Story copied from : Simone M Scully,Business Insider
Super volcanic eruptions are so catastrophically powerful that they could devastate the entire planet. In a worst case scenario, these kinds of eruptions can eject 1000s of cubic kilometers of magma and ash in the matter of days or few months. That much ash in the atmosphere could block out the light and heat of the sun for years or decades.
Luckily, these kinds of eruptions are few and far between, and they are tens of thousands of years in the making. But there is also some bad news: According to a new study in PLOS ONE, they don’t give much notice before they blow their tops.
Unlike most volcanic eruptions, what makes super-eruptions different is that they are unable to erupt easily. Magma in the mantle of the planet rises into the crust, but is unable to immediately breach the surface. As a result, the magma continues to pool, causing pressure in the Earth’s crust to build and build until finally, a catastrophic explosion of magma and ash erupts.
These kinds of cataclysmic super-eruptions have occurred a few times in the geological past of our planet. In New Zealand 26,500 years ago, the Taupo Volcanic Zone had a super eruption. Even further back, Campi Flegrei in Italy exploded 40,000 years ago. Yellowstone has also super-erupted three times in the past million years and there are fears that it could occur again.
Right before any super eruption though, there is one final stage — the decompression stage — characterized by the release of gas bubbles at the eruption site.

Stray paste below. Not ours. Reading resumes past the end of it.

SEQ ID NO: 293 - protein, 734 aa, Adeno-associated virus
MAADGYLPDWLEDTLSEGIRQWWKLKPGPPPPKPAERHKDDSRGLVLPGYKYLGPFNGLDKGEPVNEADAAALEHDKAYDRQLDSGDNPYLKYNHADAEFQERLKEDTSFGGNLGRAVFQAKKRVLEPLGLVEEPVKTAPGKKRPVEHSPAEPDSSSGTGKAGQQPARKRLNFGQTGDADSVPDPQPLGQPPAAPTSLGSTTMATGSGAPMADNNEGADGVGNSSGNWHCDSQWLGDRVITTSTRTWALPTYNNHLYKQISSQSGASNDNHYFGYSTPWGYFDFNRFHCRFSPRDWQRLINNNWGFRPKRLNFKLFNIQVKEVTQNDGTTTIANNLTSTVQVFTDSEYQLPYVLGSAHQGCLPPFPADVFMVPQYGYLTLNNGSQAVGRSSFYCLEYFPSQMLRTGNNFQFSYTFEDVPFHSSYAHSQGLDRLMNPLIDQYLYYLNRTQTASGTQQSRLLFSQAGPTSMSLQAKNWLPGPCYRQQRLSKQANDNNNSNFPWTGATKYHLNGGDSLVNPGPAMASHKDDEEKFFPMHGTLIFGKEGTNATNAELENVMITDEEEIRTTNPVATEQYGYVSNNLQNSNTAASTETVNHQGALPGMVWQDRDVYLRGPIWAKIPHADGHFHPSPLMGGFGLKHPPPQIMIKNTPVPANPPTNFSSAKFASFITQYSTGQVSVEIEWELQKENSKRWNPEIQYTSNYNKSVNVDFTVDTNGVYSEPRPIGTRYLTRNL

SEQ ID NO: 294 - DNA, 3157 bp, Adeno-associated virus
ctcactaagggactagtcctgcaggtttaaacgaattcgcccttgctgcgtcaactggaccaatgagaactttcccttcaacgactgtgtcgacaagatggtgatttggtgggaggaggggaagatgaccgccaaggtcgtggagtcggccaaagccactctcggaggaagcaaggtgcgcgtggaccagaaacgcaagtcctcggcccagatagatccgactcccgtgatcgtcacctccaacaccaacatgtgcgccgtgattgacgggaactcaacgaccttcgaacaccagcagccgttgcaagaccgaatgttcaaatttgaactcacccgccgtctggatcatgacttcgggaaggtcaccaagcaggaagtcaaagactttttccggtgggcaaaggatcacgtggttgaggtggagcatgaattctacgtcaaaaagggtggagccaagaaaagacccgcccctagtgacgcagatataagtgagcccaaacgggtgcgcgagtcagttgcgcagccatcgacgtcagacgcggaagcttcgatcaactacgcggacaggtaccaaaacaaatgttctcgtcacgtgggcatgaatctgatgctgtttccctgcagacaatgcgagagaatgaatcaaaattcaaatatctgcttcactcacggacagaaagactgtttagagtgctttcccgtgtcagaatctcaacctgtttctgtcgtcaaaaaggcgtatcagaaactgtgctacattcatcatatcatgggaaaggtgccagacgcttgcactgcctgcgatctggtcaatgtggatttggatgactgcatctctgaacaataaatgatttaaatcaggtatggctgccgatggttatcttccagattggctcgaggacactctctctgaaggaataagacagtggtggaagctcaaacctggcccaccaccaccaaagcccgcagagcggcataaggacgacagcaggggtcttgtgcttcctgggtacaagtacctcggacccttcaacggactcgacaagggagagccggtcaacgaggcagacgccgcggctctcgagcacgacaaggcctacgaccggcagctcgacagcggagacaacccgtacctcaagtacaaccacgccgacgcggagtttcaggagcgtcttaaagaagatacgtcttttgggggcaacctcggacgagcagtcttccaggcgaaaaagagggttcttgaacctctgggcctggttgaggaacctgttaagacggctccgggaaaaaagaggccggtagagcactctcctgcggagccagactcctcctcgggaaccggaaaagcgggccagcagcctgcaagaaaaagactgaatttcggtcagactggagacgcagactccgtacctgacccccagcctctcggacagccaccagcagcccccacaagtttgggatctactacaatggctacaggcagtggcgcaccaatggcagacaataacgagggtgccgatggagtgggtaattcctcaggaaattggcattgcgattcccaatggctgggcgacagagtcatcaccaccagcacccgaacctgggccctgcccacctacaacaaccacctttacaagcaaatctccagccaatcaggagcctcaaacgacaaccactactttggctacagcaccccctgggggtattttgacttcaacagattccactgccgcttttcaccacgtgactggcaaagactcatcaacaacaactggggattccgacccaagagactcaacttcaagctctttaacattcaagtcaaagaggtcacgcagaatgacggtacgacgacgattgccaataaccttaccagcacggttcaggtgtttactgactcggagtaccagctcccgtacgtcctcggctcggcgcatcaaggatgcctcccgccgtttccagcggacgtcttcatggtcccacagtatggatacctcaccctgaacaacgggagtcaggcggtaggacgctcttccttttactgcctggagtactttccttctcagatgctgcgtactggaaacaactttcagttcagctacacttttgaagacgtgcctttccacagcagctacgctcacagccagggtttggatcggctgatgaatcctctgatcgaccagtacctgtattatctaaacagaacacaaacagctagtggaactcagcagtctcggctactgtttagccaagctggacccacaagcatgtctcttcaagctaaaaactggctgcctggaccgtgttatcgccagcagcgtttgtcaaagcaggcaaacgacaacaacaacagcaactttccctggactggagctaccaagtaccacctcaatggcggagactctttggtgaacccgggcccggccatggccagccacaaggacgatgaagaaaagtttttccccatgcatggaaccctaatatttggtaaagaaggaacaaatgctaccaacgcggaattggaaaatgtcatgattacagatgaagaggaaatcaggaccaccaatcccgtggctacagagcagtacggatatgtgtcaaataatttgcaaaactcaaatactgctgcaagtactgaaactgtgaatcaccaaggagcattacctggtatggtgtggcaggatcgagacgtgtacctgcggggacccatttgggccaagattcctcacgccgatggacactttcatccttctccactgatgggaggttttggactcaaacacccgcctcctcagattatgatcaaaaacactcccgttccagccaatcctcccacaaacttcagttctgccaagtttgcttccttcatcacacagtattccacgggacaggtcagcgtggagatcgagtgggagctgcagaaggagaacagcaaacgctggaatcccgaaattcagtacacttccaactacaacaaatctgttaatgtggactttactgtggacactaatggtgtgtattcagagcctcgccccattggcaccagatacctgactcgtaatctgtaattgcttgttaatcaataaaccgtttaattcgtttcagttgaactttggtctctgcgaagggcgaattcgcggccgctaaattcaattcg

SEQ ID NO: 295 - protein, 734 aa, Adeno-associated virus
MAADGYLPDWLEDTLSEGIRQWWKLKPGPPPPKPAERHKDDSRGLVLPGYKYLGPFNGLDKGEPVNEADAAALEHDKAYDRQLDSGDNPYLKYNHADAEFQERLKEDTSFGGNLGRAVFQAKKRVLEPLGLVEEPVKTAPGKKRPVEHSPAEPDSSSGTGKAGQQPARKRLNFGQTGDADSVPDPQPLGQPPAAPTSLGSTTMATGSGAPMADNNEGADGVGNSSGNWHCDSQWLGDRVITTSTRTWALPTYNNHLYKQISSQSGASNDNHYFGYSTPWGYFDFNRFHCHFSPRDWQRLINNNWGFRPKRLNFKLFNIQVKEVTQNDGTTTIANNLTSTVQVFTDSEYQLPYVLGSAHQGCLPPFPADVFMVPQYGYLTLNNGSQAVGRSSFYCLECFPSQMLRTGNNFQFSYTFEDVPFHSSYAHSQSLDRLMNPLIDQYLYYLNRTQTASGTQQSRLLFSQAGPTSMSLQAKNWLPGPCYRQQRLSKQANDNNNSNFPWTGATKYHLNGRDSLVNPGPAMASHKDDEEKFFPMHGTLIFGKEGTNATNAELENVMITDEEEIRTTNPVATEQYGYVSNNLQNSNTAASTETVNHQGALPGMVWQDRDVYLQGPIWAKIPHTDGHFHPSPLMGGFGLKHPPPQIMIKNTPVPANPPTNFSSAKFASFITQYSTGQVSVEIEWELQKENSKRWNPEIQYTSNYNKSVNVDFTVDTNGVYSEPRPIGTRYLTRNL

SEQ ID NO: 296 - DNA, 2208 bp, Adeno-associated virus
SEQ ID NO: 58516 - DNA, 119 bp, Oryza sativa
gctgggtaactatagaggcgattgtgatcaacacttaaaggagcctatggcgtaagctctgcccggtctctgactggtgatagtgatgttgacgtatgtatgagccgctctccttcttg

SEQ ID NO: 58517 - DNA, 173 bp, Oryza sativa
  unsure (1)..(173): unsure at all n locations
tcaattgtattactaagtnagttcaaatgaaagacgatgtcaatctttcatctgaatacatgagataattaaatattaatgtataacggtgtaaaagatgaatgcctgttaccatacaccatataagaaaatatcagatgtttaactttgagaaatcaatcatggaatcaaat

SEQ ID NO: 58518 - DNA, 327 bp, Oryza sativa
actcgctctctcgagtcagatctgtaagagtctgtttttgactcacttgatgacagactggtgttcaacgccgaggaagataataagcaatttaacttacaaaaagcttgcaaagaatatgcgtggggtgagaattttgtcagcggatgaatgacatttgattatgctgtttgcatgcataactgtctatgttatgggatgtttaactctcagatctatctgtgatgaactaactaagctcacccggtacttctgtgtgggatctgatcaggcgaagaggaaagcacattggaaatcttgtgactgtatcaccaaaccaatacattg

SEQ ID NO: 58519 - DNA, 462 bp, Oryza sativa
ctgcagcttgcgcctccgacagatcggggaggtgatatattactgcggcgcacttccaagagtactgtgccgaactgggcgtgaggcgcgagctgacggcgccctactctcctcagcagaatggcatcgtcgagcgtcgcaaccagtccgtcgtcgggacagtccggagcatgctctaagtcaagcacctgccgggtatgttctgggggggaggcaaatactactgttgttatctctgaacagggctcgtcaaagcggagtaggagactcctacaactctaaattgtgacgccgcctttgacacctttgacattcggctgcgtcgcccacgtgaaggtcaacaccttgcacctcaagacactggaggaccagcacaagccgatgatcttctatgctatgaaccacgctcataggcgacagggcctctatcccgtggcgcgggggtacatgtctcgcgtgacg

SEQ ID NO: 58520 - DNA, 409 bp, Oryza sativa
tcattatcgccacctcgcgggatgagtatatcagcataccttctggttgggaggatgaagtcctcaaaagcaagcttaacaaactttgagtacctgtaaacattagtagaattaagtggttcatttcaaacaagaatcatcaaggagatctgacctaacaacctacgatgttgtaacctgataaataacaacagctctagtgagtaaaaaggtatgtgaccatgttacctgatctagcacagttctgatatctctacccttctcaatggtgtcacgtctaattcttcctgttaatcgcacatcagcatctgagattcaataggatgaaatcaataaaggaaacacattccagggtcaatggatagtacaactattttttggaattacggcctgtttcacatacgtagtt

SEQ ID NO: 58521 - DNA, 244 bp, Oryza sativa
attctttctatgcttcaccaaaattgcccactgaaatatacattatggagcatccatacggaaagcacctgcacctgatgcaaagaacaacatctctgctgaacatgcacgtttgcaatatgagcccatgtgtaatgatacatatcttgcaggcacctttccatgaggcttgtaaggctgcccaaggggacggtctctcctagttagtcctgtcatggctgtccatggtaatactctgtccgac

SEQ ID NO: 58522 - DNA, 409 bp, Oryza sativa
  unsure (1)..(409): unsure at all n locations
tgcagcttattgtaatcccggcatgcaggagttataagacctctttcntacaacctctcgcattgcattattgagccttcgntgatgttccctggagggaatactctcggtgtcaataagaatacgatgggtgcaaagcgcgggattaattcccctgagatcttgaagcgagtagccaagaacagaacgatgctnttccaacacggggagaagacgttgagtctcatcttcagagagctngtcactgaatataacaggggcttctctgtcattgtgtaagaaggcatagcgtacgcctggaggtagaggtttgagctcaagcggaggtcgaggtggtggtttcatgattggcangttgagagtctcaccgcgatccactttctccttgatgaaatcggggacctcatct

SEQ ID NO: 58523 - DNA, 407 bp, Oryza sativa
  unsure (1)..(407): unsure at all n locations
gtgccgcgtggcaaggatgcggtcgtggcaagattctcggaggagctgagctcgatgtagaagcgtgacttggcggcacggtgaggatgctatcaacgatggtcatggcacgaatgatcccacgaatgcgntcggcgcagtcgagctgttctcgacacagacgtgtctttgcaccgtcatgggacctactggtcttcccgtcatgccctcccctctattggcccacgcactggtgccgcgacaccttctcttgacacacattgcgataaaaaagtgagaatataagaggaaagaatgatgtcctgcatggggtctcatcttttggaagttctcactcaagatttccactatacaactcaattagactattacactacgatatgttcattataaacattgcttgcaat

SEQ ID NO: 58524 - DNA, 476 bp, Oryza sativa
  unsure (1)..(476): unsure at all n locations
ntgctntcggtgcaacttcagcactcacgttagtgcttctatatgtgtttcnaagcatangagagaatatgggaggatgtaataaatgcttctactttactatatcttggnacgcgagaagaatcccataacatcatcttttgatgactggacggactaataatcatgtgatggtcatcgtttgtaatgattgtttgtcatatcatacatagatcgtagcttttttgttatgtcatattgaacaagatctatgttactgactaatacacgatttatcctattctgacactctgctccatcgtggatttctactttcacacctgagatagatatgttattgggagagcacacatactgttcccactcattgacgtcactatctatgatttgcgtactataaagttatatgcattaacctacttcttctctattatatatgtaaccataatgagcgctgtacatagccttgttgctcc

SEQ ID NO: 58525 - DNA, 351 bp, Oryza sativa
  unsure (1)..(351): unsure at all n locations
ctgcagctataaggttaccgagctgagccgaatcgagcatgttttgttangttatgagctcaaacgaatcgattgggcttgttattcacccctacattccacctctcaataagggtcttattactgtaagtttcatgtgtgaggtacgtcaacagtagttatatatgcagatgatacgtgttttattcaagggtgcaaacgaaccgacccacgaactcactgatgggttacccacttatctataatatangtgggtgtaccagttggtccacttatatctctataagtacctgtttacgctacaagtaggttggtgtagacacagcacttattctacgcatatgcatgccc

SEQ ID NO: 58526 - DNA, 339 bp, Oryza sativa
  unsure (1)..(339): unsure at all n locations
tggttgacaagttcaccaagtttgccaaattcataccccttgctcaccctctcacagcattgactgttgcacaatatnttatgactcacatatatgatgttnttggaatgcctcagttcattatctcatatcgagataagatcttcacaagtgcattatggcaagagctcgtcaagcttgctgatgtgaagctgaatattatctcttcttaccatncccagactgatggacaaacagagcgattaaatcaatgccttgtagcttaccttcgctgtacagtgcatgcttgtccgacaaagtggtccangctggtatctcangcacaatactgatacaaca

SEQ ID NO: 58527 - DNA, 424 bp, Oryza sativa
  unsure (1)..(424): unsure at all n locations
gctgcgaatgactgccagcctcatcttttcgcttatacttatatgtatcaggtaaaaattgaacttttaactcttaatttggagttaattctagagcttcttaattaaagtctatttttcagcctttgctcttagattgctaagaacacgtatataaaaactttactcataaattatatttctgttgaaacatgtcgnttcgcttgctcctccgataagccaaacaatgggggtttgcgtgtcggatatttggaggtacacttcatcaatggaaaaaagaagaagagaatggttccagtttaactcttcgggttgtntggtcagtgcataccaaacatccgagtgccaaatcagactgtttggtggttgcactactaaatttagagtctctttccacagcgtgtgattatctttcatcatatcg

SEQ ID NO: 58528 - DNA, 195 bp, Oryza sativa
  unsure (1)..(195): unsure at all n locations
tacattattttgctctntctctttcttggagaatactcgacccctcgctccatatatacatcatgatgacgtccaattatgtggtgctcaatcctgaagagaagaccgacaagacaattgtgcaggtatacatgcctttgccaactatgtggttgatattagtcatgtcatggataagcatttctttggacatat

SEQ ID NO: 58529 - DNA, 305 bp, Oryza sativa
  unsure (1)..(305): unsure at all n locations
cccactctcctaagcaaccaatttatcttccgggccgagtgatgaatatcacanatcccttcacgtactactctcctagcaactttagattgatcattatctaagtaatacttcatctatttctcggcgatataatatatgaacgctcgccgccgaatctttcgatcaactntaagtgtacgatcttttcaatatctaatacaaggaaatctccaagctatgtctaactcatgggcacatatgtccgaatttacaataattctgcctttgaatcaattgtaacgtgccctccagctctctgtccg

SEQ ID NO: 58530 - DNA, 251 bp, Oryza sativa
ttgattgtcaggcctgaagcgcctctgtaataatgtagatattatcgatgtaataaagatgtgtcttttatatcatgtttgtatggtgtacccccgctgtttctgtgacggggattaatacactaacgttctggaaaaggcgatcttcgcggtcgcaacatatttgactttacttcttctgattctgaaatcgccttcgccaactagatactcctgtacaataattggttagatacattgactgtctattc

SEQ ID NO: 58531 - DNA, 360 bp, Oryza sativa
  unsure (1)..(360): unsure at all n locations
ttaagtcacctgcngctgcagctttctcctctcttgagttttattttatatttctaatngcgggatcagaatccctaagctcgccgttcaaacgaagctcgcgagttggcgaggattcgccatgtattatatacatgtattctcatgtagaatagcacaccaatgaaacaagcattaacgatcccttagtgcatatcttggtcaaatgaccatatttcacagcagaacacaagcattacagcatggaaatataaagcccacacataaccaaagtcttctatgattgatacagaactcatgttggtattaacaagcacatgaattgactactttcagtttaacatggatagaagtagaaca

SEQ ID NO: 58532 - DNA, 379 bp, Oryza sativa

So, the study researchers decided to analyze quartz crystals at the site of one of these massive eruptions that erupted in California about 760,000 years ago, creating the Long Valley Caldera. Quartz crystals cover surface rims of eruption sites, so by analyzing them, the researchers were able to determine the rim growth rates times of the volcano based on the concentration of titanium in the crystals. By measuring the size and growth rates of these rims, they were able to determine the length of time it took for an explosion to happen once the decompression phase had begun.
Their analysis showed that more than 70% of rim growth occurred in less than a year, indicating that the quartz rims grow mostly in just the days or months prior to an eruption.
So, we will only likely be able to detect the signs of an oncoming super-eruption by noticing the bloating effects of the expanding magma body on the surface and these signals will likely only start to appear within a year of the eruption — intensifying as it gets closer to exploding.